Please don’t take from my description of this unusual young couple any attempt at prescription. I would never have had the maturity or the emotional coherence to form such a mature attachment at their age, and I suspect I am typical of the general population. But I do find such successful young couples interesting, largely because it’s remarkable they are able even to hear, let alone heed, the beat of their own drum over our culture’s anti-boundary, pro-experimentation racket.

Human beings are psychologically diverse. It is unfair to judge as “incorrect” or abnormal a precocious inclination toward modesty, restraint and fidelity. Nobody can predict whether any match will last, but I have a good feeling about my remarkably mature and self-knowing party guests, and many others like them. I suppose it depends on your personality and cultural disposition as to whether your instinct is to feel pity for them, or to consider them the lucky ones.

National Post



Commentary by the Ottawa Mens Centre

We now live in a society that increasingly undermines, destroys or prevents marriage especially between a man and a woman. Now, every politically correct person seems to be gay or lesbian and they wish to force their view of the world on everyone else who is not of their orientation.

The man bashing, and marriage bashing is no where more evident than at the corrupt Children's Aid Societies of Ontario who seem to seek out to employ as much as possible those who fall into the political correct category of gender orientation.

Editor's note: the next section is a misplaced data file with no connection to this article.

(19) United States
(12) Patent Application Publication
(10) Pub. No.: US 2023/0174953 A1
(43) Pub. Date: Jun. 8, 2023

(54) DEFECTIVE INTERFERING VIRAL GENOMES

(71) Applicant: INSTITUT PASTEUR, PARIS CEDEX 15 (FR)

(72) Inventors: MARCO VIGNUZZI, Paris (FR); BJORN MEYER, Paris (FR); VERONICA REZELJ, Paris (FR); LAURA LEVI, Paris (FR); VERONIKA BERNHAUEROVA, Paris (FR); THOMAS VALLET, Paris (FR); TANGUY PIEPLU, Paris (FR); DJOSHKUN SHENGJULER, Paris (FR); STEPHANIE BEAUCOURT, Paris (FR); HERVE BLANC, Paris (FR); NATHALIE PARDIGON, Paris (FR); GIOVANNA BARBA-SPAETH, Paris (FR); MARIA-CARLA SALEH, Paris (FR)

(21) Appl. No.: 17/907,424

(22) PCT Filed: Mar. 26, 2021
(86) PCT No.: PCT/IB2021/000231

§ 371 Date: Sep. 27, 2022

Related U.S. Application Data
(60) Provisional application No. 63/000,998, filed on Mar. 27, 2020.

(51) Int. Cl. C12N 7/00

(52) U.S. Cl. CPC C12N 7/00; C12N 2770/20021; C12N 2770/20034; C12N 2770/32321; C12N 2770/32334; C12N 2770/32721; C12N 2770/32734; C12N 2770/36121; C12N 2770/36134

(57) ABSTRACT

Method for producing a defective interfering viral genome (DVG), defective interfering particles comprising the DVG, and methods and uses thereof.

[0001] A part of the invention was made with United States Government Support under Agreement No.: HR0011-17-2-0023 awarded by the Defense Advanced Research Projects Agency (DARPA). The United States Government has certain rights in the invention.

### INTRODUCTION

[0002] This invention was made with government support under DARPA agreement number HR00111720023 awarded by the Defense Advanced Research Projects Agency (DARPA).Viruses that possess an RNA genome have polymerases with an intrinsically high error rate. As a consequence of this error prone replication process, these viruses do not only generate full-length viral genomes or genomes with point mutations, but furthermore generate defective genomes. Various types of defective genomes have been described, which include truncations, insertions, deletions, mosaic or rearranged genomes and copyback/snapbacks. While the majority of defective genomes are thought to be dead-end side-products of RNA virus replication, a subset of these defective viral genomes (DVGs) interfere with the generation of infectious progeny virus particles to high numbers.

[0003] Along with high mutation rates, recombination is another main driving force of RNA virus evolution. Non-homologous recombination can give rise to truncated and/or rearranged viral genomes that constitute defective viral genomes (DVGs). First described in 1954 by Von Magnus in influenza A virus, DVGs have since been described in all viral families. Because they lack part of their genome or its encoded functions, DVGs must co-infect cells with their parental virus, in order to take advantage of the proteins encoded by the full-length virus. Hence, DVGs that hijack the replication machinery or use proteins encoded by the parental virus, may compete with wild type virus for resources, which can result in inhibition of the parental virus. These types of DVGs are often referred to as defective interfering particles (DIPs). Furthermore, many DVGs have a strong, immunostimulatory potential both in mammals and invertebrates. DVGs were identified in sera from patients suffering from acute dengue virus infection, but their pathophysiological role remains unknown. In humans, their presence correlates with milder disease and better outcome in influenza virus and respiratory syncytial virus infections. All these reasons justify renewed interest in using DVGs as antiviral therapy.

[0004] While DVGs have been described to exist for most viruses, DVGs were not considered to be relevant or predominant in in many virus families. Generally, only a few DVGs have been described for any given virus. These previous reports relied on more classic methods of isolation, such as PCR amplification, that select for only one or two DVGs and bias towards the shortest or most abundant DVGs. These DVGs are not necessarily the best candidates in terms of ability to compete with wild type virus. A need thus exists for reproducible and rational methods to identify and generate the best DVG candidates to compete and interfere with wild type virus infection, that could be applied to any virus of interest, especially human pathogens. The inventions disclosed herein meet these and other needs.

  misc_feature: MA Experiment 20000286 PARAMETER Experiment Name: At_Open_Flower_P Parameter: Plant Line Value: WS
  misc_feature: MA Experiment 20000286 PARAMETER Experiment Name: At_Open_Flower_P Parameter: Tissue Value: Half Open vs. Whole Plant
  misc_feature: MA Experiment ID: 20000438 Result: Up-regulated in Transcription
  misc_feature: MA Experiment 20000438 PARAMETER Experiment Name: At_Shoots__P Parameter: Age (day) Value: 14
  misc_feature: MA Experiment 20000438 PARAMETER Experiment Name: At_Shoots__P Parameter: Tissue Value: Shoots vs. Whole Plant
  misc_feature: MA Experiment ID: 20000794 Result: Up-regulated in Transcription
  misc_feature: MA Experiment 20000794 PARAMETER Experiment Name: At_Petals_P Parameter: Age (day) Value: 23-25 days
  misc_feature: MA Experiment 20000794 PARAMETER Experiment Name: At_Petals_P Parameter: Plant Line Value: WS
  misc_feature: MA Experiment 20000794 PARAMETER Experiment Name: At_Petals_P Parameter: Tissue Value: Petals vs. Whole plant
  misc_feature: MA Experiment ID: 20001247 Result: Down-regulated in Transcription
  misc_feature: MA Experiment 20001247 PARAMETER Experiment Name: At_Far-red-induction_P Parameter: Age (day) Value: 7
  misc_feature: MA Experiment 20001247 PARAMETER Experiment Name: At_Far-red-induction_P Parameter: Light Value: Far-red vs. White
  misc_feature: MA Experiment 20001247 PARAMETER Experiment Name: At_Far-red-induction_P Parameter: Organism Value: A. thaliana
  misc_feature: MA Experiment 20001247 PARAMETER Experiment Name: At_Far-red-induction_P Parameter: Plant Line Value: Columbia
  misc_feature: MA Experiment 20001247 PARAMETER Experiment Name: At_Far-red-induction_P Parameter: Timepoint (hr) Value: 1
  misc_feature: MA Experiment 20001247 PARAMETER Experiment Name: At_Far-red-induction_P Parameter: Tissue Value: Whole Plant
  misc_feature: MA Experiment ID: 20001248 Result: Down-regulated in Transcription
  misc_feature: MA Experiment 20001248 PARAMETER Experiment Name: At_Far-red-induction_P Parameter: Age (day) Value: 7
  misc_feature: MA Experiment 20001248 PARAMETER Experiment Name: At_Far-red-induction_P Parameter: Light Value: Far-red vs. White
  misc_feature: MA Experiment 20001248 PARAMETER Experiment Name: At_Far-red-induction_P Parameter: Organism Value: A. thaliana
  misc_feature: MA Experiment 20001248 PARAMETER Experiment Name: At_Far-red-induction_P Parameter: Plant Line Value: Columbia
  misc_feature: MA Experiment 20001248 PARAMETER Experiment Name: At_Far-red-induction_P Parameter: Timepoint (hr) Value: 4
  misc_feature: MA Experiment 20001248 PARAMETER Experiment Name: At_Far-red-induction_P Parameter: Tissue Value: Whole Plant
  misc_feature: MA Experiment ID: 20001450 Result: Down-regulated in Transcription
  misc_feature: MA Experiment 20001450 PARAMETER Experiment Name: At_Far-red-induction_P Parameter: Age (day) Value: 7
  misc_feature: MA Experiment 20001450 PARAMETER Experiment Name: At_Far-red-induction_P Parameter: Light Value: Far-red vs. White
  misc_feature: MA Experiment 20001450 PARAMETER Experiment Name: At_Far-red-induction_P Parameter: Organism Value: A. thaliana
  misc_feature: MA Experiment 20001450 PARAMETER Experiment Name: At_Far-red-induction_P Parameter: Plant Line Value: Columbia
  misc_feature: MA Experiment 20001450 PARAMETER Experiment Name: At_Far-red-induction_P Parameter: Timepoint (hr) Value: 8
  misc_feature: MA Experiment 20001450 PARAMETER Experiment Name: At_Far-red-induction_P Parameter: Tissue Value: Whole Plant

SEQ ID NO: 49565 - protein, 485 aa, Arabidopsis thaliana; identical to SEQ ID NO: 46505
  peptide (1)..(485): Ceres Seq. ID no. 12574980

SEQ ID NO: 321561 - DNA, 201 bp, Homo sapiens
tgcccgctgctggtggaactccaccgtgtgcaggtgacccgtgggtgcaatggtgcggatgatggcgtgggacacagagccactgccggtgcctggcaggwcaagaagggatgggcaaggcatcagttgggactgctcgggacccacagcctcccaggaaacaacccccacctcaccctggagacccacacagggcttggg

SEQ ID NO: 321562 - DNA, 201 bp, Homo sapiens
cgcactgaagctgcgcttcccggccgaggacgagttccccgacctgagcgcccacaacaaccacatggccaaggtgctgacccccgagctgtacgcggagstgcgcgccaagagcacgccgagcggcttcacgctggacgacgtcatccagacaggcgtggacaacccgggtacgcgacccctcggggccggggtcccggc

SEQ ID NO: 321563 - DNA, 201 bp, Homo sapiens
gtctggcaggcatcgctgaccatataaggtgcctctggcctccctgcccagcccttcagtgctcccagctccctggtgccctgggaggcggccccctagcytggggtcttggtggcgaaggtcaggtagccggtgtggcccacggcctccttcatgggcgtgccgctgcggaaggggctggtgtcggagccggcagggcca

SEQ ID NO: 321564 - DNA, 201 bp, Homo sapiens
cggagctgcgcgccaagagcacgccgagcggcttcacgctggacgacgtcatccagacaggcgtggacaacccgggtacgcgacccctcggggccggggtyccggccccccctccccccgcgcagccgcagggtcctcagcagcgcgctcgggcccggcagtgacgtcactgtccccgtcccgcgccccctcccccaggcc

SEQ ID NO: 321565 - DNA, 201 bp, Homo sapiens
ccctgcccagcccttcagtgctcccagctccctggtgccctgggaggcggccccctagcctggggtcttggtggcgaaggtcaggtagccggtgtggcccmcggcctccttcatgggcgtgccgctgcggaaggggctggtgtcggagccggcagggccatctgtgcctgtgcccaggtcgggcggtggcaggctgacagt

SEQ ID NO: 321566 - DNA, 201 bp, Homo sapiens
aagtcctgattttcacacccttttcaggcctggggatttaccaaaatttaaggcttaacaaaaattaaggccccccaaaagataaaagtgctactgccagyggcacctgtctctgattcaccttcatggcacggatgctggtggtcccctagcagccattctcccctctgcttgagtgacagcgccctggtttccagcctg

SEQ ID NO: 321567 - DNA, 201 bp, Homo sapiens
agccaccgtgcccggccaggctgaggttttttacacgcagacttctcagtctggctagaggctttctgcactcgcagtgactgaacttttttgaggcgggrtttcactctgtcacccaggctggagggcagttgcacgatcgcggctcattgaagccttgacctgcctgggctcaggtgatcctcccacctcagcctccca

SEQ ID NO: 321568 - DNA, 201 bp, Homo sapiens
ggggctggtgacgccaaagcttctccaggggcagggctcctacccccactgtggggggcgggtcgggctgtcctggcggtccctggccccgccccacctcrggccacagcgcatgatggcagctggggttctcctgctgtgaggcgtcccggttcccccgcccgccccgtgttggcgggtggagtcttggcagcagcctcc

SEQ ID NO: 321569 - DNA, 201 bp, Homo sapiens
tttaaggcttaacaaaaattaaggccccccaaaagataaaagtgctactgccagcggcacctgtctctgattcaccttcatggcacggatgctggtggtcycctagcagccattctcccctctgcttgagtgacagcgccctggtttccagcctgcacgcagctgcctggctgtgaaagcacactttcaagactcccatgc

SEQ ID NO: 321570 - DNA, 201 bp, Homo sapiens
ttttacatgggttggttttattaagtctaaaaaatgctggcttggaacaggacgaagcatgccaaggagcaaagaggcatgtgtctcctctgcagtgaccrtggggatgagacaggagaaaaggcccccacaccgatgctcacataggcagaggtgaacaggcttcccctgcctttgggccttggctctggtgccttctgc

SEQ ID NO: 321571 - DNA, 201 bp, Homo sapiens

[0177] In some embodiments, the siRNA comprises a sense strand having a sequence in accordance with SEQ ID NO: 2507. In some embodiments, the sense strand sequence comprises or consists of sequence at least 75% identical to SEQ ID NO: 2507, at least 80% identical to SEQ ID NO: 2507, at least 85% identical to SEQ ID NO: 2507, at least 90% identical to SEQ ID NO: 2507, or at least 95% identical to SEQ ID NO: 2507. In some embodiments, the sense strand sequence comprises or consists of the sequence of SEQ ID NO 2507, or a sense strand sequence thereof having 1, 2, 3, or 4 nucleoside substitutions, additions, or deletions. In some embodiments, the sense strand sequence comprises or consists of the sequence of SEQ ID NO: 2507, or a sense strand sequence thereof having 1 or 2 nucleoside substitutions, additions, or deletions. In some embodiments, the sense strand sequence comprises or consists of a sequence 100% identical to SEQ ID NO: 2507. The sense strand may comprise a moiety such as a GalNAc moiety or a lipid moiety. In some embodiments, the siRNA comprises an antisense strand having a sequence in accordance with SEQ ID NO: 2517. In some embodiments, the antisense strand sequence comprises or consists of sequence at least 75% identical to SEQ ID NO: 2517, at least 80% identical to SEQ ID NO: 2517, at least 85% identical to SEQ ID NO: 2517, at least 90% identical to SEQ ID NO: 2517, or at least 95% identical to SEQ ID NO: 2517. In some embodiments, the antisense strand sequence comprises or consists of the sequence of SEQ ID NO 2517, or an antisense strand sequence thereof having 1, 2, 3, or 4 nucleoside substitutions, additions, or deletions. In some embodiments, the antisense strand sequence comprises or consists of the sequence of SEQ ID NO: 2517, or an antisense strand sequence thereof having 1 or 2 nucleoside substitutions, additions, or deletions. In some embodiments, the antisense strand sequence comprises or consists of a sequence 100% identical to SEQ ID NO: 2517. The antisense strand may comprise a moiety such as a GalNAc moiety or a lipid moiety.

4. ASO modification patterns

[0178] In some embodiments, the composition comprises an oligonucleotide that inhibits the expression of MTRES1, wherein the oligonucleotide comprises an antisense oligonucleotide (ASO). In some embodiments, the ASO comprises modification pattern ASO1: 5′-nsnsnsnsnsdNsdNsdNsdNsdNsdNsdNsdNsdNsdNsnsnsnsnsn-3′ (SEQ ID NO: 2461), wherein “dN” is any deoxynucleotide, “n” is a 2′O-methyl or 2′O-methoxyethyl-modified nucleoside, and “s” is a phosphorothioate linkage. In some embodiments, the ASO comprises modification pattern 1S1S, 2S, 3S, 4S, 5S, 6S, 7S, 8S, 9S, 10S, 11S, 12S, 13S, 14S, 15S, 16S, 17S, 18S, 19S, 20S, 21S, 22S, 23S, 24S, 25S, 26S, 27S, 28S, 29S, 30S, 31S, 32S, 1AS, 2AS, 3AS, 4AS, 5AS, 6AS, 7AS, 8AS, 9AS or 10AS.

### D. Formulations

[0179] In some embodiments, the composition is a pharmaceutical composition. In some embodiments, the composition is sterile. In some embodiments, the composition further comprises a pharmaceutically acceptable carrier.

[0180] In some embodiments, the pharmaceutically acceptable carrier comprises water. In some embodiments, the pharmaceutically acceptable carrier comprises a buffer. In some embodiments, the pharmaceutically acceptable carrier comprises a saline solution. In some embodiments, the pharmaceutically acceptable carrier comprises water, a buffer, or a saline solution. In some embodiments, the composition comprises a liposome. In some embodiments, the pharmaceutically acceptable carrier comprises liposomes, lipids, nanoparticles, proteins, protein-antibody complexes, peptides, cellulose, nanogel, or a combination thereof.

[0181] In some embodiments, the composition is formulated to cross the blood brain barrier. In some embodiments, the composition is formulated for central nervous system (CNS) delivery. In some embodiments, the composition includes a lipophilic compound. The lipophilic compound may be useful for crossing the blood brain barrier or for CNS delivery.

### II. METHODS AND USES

These workers then fall into a  cult like willingness to fabricate evidence to achieve their goals that include ensuring that only women are seen to be the victims of domestic violence and or female victims of domestic violence must have their children removed from them because they, "exposed the children to domestic violence".

At the end of the day, these corrupt generally man hating workers do everything they can to remove children from fathers and place children with some of the most violent mothers in society.

When there is not a man around to dump on, they turn their guns on the mother as deserving to be terrorized because she actually had a relationship with a man.

That means the grandmother or sister who satisfies the political correct lens of the CAS suddenly becomes a suitable parent.

The CAS then will break the law, fabricate evidence and do what ever it takes to get what it wants.

At the end of the day, Canada becomes the last country on earth where it is safe for a man to be a father and where a child has the almost certain chance of having their relationship terminated with their father because of the ever increasing war on marriage between men and women.

The victims are todays children and today's boys who will grow up knowing the terrible risks of being a father in Canada.